Janssen Pharmaceutica first business to use heat from geothermal drilling


The pharmaceutical giant in Beerse is pumping water from 2.4km below the earth surface to heat all of its offices and labs

Enormous energy needs

Pharmaceutical company Janssen has inaugurated the first deep geothermal drilling site in Belgium that’s on the premises of a business. It will use water from deep below the earth’s surface to heat its premises in Beerse, Antwerp province.

The €40 million project is part of the company’s aim to reduce its carbon dioxide emissions by 30% by 2021, or 15,900 tonnes a year. The drills pump water that has been heated to 85°C at a depth of 2.4km below the earth’s surface. The water will be extracted and used to heat offices and other buildings via a heat network, then will be returned below surface via a second pipe to be reheated naturally.

Janssen Pharmaceutica has sites in Beerse, Geel, Olen, Merksem and in Wallonia and employs more than 5,000 people developing and producing medicines. “Our energy use on the Beerse campus is as great as the whole of the city of Turnhout,” said CEO Stef Heylen at the inauguration yesterday. “We want to make our biggest site green.”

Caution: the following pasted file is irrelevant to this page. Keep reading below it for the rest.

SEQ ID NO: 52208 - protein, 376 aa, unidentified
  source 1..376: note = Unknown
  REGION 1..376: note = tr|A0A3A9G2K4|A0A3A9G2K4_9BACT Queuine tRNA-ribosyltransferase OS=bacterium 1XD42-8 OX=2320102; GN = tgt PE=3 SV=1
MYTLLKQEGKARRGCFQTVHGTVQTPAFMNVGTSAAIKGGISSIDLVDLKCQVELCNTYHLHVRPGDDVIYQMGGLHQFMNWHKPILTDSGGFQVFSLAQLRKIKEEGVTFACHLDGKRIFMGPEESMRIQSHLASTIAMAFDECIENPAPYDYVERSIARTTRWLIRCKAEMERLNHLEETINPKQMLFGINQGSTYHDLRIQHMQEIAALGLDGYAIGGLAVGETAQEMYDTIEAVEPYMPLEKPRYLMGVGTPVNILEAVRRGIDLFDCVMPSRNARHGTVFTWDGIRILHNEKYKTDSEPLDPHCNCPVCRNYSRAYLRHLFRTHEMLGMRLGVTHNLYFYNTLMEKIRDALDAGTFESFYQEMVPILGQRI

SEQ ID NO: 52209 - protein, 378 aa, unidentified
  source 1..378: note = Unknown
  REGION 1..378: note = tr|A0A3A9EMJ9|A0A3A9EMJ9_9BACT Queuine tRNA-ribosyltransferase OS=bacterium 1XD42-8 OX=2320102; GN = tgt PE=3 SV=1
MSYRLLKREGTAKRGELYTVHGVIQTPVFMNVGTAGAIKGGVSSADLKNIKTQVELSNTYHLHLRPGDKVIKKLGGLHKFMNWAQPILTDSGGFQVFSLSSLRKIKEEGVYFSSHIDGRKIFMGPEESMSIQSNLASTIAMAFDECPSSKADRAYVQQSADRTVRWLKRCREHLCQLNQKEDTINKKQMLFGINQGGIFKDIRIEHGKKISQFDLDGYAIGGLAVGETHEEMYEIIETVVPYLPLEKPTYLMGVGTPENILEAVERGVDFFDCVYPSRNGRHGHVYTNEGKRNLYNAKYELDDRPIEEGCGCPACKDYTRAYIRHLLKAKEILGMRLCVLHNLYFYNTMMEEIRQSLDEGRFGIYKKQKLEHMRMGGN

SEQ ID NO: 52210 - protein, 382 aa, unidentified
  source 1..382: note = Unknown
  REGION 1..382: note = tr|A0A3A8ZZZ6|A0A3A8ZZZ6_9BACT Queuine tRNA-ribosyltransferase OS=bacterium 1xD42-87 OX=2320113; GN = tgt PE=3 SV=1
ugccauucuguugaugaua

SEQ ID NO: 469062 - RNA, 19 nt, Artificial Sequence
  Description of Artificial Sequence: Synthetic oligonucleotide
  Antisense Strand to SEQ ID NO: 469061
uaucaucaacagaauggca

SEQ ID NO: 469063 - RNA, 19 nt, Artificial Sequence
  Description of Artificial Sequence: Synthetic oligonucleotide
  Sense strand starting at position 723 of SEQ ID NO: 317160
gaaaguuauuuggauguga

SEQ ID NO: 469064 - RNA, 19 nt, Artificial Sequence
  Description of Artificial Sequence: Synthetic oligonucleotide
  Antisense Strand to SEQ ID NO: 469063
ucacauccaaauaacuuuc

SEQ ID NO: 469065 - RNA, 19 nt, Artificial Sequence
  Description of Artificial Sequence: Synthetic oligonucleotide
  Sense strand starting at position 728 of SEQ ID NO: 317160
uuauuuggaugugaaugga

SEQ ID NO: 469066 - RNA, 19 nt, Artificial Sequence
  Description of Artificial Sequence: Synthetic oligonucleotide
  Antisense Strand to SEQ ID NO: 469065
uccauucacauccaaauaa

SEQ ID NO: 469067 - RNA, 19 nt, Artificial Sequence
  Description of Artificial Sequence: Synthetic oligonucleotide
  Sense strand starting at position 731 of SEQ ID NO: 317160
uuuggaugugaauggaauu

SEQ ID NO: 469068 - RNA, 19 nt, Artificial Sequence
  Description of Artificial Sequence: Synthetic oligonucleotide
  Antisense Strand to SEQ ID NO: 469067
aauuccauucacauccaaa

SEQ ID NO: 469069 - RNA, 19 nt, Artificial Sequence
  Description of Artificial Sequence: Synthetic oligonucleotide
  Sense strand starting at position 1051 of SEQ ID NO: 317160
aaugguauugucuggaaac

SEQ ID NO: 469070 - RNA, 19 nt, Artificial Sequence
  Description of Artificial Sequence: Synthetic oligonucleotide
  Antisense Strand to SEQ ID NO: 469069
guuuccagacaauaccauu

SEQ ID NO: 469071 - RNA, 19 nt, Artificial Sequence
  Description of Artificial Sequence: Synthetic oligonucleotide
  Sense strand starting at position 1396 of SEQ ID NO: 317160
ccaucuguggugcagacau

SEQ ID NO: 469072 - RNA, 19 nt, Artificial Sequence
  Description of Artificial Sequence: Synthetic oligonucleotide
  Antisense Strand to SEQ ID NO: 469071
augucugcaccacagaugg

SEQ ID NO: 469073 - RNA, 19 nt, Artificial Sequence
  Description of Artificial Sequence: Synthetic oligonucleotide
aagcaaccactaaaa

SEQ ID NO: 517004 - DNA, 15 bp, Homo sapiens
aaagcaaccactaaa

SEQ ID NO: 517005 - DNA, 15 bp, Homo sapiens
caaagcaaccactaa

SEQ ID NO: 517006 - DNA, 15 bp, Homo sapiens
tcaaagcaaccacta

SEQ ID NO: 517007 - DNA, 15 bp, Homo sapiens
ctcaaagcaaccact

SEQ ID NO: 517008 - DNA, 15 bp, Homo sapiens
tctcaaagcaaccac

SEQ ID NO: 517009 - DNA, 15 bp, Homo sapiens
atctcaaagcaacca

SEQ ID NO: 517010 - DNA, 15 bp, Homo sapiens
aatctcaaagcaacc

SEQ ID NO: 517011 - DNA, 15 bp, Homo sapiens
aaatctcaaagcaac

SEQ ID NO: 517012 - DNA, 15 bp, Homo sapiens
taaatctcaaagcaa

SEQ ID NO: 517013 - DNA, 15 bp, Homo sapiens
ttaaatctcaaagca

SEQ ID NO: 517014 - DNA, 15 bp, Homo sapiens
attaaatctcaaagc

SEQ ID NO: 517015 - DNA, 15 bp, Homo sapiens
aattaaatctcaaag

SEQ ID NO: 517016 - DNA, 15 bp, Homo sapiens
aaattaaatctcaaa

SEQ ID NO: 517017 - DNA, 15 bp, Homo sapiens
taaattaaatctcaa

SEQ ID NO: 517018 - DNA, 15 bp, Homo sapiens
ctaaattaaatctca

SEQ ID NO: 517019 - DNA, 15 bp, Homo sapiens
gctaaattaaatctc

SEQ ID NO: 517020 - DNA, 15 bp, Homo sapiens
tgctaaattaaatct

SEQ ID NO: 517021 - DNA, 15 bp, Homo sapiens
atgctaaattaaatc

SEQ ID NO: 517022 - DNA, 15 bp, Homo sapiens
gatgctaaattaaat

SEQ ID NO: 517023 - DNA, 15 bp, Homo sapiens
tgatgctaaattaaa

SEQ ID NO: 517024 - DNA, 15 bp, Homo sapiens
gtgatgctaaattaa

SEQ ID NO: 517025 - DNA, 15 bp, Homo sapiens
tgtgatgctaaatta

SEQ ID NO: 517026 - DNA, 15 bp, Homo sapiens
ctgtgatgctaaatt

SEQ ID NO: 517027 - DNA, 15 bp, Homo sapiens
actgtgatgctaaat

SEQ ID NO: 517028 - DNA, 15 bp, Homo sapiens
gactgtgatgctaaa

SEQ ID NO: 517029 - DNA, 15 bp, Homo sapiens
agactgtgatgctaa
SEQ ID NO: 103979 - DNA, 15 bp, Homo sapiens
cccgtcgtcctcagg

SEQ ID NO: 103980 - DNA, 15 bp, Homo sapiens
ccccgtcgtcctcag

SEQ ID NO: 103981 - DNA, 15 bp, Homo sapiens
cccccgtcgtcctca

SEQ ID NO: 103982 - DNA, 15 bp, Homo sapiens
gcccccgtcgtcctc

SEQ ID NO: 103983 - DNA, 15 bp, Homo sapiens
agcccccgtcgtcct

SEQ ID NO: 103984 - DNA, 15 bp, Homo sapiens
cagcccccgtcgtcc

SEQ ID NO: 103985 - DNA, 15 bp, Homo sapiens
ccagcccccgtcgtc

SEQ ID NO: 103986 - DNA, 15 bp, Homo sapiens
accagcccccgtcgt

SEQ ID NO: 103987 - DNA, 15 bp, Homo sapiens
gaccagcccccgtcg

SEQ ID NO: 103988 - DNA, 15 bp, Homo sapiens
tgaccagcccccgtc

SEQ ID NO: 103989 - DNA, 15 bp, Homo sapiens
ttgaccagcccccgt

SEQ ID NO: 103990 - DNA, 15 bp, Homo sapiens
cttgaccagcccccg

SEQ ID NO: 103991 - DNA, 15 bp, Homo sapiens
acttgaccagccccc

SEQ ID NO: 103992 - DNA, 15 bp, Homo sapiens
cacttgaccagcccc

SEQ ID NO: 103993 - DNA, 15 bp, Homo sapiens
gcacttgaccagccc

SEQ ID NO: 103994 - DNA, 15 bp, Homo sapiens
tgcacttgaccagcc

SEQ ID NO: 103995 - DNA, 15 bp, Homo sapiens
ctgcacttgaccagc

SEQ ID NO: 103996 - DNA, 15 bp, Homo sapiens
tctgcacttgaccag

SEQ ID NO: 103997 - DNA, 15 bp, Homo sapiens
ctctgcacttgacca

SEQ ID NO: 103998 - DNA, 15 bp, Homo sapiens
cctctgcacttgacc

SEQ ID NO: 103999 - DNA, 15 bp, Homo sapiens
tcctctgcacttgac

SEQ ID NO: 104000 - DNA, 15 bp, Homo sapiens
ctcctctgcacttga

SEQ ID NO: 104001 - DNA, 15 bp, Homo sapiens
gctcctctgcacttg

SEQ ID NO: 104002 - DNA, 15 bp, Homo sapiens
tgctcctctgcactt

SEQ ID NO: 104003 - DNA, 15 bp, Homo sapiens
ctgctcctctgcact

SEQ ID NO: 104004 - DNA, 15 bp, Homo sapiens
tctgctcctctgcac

The majority of the investment was paid by parent company Johnson & Johnson. The Flemish Energy Agency has invested €6 million, the Agency for Innovation and Development €2 million and the European Regional Development Fund €1.5 million.

This investment is crucial for the future of green energy in Flanders

- Minister-president Jan Jambon

For the government of Flanders, this is a unique opportunity to test the new energy source. “This investment is crucial for the future of green energy in Flanders,” said minister-president Jan Jambon. “We are not investing to provide Janssen with heat but to learn from this test project. Here we can study whether deep geothermal drilling can be made efficient and economical. Janssen can be an important example for other businesses in terms of green energy.”

Companies in Germany and Iceland “have already shown that geothermal energy is sustainable and inexhaustible,” Heylen added. “In addition, by 2020 almost all of our electricity will come from an offshore wind farm in the North Sea. As an industry, we are not part of the problem, as many people think, but part of the solution.”

Geothermal research has been carried out in Flanders for several years. In Mol, research centre Vito drilled to a depth of more than 3km in search of hot water to heat around 2,000 homes, but currently only Vito’s own buildings and the nearby Nuclear Research Centre are heated using geothermal energy.

Photo courtesy VRT